Bill
Caves. Yes.

Stephen
There are eighty miles of tunnels under there. But in 1935 and 1940, the military took over, and they built this extraordinary system of underground . . . 30,000 square feet of office space, with a lift, and, er, with . . . as an ammunition dump, and of course, a lot of people believe now that it's got an alien spaceship in it and all kinds of other nonsense.

Bill
There's a lot of local folklore. 'Cause I . . . I grew up near the tunnel.

Stephen
Oh, then you'll know all about this.

Bill
In Bath, you see. It's very near the Box Tunnel.

Alan
You grew up in that tunnel.

Bill
In that tunnel, yes. I grew up . . . 

Alan
That explains a great deal.

Bill
I was known . . . as the "Creature of the Tunnel"! "Dare ye go in that Box Tunnel!" No, I . . . 

Stephen
Did they tell you anything about the way Brunel designed it?

Bill
Erm . . . 

Stephen
And a . . . a special effect that could be got from it once a year.

Jimmy
Does the light shine through it once a year? Is it one of those?

Stephen
Yay, go on. You can have your sweetie.

Jimmy
It is.

Bill
Hey!

Jimmy
Aww!

Stephen
[loads a sweet and sends the train to Jimmy] There you are.

Jimmy
[primly and proudly picks up the sweet]

Stephen
Yes, on his birthday, which is the ninth of April . . . He was born in 1806. It was his bicentennial of his birth . . . 

Viewscreens: A circle of light appears through the opening of the Box Tunnel.



Bill
Oh, there it is.

Stephen
There's the sun shining through on his birthday. Our QI field researchers wanted to stand there and check it, but they weren't allowed to by Network Rail.

Alan
[makes the low noise of a train whistle and mimes being hit]

Stephen
But . . . That is one of the problems! Apparently, it is a straight tunnel, and the light will shine though it, but it's usually full of dust and smoke and various other things.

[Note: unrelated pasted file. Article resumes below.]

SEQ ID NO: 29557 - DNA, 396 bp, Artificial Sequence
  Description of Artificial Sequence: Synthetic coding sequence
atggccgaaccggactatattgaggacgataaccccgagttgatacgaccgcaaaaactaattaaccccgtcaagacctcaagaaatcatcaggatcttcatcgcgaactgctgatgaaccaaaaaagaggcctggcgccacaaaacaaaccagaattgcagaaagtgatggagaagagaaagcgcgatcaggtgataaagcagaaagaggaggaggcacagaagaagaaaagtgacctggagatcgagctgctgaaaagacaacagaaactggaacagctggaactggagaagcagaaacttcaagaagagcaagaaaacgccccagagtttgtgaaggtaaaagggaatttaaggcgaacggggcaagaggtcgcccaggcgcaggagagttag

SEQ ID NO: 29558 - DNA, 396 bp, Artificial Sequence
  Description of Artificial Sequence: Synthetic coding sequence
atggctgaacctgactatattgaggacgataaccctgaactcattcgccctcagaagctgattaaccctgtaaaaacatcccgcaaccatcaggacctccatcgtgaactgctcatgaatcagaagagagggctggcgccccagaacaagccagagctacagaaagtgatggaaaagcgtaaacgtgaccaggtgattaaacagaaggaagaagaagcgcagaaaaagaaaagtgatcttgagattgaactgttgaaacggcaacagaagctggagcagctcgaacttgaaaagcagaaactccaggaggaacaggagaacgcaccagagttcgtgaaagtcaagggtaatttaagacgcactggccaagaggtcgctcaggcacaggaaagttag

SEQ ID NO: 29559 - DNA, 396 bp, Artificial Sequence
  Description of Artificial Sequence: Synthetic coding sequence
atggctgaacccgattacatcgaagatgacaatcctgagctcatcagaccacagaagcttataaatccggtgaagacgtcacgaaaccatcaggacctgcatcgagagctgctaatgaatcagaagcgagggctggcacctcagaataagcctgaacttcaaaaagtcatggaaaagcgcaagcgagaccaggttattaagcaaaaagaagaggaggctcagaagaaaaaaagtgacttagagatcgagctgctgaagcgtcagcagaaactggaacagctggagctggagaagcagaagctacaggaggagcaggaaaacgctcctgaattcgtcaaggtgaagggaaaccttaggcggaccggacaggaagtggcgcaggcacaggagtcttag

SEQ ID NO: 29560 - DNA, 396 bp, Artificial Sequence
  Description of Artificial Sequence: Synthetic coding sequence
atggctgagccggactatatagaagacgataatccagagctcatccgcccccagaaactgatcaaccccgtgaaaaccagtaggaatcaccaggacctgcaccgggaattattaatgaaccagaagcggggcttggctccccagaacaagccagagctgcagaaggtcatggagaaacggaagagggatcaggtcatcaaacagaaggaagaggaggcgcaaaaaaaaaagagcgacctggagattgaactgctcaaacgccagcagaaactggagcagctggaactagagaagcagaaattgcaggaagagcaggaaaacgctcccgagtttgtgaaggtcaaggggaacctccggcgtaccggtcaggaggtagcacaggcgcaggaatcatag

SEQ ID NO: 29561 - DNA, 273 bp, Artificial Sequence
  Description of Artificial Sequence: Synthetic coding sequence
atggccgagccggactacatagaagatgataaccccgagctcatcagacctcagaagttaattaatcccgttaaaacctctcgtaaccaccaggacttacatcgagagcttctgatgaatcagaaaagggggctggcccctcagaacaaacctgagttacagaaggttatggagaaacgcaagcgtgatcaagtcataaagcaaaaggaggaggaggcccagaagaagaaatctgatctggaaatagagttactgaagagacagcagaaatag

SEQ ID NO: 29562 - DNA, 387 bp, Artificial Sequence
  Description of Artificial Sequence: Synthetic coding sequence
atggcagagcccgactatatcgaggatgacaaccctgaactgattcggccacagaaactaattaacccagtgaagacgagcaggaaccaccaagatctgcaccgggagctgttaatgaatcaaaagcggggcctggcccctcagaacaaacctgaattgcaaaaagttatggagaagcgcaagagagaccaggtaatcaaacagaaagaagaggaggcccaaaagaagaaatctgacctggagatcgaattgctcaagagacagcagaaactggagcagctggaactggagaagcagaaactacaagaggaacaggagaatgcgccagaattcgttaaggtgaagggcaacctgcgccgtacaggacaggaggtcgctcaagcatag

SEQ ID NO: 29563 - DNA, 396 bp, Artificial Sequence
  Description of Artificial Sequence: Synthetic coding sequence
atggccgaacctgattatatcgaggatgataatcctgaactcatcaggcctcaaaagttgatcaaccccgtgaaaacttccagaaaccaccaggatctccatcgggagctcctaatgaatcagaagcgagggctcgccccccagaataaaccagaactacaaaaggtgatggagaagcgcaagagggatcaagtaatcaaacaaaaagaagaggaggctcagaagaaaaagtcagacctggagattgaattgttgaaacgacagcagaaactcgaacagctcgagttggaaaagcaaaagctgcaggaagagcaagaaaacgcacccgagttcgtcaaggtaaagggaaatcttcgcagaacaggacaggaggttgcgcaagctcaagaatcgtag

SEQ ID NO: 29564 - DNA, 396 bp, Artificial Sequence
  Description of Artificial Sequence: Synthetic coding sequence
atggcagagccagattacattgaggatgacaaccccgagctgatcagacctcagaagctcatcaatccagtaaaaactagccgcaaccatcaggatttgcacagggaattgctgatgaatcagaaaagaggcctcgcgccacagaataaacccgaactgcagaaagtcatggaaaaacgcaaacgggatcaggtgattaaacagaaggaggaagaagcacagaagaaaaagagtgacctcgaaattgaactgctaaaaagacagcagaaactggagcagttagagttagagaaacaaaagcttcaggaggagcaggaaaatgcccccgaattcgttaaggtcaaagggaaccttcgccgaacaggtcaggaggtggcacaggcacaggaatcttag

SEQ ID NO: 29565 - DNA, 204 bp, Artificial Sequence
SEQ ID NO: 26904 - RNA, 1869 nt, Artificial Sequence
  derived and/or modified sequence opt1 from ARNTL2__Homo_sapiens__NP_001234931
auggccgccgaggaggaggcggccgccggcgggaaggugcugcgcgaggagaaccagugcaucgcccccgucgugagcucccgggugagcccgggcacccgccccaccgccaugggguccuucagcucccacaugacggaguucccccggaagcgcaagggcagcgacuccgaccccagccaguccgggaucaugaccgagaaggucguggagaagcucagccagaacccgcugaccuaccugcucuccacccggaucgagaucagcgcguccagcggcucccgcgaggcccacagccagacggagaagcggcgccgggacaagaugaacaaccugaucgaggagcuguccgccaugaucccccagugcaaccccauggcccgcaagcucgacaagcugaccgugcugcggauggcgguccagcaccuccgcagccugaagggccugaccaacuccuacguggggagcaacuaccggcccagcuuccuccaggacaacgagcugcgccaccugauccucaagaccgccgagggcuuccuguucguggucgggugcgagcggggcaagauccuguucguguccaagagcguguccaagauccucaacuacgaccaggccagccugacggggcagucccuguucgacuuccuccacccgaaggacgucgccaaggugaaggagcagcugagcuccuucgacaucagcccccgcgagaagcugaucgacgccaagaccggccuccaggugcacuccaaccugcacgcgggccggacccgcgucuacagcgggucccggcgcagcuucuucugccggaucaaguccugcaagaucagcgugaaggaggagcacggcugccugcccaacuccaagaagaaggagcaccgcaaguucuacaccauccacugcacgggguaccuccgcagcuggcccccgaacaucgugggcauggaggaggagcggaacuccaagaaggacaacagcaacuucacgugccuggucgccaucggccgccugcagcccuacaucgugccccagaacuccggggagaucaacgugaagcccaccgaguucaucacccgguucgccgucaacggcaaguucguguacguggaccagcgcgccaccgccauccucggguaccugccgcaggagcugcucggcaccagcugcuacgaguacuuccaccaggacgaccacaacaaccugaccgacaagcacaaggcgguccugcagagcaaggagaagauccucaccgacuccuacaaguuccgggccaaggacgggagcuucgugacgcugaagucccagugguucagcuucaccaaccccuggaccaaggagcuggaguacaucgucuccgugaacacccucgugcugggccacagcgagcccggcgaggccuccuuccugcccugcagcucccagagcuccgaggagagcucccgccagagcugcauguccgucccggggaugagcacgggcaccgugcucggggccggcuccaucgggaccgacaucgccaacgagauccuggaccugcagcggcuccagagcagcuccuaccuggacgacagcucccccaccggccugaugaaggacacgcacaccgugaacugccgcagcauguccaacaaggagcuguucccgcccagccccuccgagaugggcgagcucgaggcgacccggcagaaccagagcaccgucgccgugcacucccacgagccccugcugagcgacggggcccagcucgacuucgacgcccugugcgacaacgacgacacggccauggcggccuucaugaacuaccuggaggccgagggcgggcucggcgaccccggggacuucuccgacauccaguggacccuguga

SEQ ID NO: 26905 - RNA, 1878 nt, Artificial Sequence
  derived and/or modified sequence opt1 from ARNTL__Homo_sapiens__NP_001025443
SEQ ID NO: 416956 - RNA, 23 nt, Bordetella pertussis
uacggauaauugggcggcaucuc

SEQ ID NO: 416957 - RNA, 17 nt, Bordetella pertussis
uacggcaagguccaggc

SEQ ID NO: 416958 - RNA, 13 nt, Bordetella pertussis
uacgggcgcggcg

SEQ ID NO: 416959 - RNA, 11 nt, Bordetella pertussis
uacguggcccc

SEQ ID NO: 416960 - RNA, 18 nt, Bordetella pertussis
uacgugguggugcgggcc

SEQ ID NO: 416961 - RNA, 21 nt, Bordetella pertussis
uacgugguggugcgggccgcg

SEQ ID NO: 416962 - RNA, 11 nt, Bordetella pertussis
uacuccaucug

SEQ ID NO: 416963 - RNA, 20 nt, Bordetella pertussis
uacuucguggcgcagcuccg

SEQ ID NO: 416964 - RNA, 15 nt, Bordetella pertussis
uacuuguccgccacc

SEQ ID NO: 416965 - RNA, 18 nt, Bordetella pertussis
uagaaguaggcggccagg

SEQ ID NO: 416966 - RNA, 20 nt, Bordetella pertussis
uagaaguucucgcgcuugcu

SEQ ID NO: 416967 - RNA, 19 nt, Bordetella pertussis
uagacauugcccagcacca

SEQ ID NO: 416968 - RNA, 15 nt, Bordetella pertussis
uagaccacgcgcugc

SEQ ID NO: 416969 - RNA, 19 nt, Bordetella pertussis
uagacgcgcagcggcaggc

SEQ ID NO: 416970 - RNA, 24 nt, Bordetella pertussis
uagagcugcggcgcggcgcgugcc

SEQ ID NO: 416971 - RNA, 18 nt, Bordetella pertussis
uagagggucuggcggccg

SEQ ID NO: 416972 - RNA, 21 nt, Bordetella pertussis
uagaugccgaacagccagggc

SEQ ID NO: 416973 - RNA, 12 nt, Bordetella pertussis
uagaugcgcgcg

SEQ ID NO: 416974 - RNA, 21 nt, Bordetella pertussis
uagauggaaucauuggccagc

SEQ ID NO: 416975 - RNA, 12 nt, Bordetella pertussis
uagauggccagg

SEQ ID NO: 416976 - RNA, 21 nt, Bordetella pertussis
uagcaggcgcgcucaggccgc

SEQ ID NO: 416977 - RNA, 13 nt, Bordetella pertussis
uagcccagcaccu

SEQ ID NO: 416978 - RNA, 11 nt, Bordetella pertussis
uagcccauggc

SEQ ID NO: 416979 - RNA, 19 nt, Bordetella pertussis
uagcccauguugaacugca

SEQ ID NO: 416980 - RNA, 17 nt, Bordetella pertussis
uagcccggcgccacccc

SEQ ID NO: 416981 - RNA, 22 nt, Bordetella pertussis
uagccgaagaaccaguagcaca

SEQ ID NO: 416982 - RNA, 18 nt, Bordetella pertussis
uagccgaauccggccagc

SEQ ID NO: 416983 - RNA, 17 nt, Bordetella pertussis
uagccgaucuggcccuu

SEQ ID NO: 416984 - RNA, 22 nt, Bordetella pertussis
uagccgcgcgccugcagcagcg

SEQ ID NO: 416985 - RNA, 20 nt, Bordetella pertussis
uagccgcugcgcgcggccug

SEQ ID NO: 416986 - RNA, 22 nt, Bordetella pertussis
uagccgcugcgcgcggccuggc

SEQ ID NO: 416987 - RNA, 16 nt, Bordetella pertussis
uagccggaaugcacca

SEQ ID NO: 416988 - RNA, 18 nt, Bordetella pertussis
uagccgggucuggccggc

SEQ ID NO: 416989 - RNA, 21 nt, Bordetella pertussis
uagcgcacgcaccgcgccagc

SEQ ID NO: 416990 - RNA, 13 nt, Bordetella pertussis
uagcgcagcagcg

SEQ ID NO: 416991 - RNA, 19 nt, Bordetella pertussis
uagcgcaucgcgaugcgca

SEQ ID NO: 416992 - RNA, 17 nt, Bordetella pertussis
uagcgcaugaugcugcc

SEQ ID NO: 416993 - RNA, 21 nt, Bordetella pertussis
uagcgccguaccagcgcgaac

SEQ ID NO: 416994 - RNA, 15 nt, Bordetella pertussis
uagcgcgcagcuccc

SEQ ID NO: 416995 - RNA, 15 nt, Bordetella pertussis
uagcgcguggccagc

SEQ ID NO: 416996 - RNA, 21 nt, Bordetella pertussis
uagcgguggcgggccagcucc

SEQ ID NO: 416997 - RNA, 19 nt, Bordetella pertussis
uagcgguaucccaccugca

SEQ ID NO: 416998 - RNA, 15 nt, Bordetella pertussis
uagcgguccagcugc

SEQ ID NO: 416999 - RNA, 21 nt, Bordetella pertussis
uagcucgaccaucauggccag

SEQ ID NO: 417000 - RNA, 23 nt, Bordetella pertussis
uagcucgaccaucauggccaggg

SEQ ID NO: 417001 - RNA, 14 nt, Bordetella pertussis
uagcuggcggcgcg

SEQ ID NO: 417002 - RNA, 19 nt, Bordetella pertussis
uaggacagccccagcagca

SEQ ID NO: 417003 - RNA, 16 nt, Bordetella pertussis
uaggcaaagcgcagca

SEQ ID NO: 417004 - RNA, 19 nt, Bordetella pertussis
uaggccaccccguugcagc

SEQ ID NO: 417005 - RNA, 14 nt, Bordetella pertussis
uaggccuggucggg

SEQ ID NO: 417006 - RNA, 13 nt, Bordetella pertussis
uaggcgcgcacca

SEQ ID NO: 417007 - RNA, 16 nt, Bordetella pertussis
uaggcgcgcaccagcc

So, to "explosions". Where's the best place to be when a nuclear bomb goes off?

Jimmy and Rob
[again press their buzzers simultaneously]

Stephen
Oh! Extraordinary.

Rob
[leans back and laughs]

Jimmy
I would have gone for "downtown Nagasaki". What are the chances of that happening again? You've gotta weigh the odds.

Rob
There is . . . There is a distance, and I'm not sure what that distance is . . . You have to be close enough to get some of the radiation, and if you're in the right spot, you will become a superhero.

Stephen
[gasps] Wow.

Rob
But, you know, experts are divided on what the distance is, and . . . and if you get it wrong . . . 

Stephen
Whoa.

Rob
[shrugs knowingly at the camera]

Stephen
Yes.

Bill
Hang on. How about--[takes out his Elephant card]?

Alan
Behind an elephant.

Bill
Behind an elephant!

Stephen
It's a thought. Well, when I say "the best place," if you wanted to watch it, and--

Jimmy
Ooh ooh ooh!

Rob
I know! You've gotta have a little bit of card, with a pinhole though it. And then, you can be as close as you like! It actually can't hurt you. [mimes looking through a pinhole in a card]

Stephen
Where did the most nuclear bombs go off in . . . in history?

Bill
South Pacific?

Stephen
Well, there were quite a few in the Pacific, but actually, on land, there were--

Alan
In the desert.

Stephen
--a thousand between the 1950s and the early '60s.

Jimmy
Nevada.

Alan
Nevada.

Stephen
Nevada. And in the early-ish '50s, when they were, er, practising their bomb techniques and setting one off just about once every three weeks, there was a town which was a no-good town at all in the early '50s. It was of no interest, except--

Alan
Vegas.

Stephen
Las Vegas. It's called itself the "up and atom town". And it advertised itself as a place to watch nuclear bombs going off. It's 65 miles away; they thought that was nice and safe; they would have poolside parties in the few hotels that were there . . . 

Jimmy
So . . . So you're saying the lights of Vegas have got nothing to do with lights? They just . . . That's just an afterglow of people going--[pretends to be bloated]--"I don't feel well!"

Stephen
Well, over 10,000 people, known as "down-winders", have claimed, and successfully claimed, at that, half a billion dollars from the U.S. Government for--

Rob
Yeah.

Stephen